The United States donated landslide monitoring instruments to Sri Lanka’s National Building Research Organization (NBRO) to more effectively manage the risk of landslides in Nikgaha, Kalutara.
As part of the initiative, engineers and geologists from the U.S. Geological Survey (USGS) visited Sri Lanka from November 5 to 15 to partner with Sri Lanka’s scientists on the installation and use of the equipment, which will enable NRBO staff to quickly identify areas vulnerable to landslides and avert the loss of life and property.
“Better preparedness will help save lives,” said U.S. Ambassador to Sri Lanka Alaina B. Teplitz. “This equipment will enable NBRO to issue targeted regional landslide warnings, which are crucial for rural communities.”
Sri Lanka is highly prone to landslides due to monsoon rainfall, population growth, and new construction in the country’s hilly interior. Worth four million Sri Lankan Rupees, the equipment will enable the NRBO to remotely monitor groundwater levels and rainfall in areas at risk for landslides.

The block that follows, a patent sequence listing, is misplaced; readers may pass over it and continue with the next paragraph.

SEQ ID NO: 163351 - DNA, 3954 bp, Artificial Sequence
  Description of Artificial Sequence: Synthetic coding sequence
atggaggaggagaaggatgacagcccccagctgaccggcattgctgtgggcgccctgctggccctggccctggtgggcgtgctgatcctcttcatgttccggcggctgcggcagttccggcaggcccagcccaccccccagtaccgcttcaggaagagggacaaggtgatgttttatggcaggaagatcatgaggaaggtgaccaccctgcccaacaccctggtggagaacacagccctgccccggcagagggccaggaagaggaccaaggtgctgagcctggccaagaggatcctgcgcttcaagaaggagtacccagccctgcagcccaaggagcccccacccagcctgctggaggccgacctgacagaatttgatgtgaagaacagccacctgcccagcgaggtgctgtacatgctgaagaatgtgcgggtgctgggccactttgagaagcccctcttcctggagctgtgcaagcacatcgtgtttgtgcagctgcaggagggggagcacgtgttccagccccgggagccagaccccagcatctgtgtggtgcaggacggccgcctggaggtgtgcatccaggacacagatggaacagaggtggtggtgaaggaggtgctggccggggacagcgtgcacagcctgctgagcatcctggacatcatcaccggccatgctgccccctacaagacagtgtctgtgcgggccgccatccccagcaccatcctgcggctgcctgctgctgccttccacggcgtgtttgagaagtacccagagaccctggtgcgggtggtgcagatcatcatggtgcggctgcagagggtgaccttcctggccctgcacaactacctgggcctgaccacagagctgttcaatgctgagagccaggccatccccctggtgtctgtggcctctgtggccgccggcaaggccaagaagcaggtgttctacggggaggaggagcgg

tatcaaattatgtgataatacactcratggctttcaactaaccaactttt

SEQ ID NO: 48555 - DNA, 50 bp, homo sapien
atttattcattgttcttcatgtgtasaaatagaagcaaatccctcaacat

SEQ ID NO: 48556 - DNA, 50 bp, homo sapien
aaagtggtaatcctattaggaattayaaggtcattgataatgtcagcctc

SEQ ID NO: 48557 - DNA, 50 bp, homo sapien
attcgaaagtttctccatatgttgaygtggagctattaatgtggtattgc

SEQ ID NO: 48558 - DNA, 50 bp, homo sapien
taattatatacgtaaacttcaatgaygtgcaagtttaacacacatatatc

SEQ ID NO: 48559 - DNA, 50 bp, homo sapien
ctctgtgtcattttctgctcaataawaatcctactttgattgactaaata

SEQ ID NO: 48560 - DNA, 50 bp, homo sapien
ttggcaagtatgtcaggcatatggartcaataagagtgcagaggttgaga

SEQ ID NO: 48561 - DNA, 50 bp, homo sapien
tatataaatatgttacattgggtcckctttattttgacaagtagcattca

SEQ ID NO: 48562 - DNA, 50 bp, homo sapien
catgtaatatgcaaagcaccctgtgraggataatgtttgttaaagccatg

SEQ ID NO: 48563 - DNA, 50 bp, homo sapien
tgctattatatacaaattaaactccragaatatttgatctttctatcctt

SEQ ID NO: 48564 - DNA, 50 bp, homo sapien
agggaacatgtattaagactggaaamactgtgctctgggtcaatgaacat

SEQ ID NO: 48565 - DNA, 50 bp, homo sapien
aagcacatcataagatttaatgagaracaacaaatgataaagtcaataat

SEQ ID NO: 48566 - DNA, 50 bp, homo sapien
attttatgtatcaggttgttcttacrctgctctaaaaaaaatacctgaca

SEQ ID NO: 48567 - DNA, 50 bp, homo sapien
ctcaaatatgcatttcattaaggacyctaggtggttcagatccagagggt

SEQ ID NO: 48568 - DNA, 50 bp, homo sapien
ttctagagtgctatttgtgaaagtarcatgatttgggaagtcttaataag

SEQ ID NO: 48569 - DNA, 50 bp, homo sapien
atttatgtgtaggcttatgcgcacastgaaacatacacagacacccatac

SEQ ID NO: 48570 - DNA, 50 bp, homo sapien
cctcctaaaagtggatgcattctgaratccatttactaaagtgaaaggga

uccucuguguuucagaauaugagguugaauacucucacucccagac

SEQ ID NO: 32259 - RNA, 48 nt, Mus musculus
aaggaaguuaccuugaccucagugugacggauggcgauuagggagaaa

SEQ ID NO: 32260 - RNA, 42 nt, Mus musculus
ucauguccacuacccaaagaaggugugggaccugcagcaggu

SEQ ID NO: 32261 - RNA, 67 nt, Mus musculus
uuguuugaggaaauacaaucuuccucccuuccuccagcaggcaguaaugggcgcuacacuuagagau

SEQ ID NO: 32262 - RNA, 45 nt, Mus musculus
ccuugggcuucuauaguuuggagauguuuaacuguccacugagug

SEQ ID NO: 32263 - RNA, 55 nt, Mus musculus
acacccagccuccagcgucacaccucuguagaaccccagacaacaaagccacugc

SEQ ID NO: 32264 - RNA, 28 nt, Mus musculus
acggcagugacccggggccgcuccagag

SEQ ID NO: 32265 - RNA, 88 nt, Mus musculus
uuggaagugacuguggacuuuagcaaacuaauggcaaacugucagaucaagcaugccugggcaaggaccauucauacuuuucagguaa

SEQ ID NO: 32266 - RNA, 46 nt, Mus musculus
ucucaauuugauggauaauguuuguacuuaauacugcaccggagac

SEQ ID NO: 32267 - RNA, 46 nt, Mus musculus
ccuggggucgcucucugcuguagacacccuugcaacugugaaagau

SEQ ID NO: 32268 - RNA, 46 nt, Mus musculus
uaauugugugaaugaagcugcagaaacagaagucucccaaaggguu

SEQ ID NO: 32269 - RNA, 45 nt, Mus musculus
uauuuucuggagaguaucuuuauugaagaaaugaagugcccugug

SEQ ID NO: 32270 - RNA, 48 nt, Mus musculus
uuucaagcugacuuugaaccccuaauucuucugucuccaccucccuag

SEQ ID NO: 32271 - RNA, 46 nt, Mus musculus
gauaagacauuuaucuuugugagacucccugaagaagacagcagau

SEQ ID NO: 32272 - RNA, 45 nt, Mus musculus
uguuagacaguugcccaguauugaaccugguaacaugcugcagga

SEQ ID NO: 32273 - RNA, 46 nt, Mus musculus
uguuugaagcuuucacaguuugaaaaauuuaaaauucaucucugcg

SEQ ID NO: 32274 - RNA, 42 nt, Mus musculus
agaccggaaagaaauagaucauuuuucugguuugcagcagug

The USGS team also led workshops for NBRO staff on improving the quality of landslide mapping, the use of high resolution topographic data, and the role scientists can play during disaster response. Participants learned how data generated by Light Detection and Ranging (LiDAR), a very precise method to measure the surface of the earth, can be used to identify landslide hazard areas. The workshop also addressed techniques for collecting landslide data in the field, including using tablet computers to collect and interpret field data.
The equipment, installations, and the research exchange were supported through the Office of Foreign Disaster Assistance (OFDA) of the United States Agency for International Development (USAID). Since 2018, USGS and USAID/OFDA have worked with NBRO reduce landslide risk and save lives.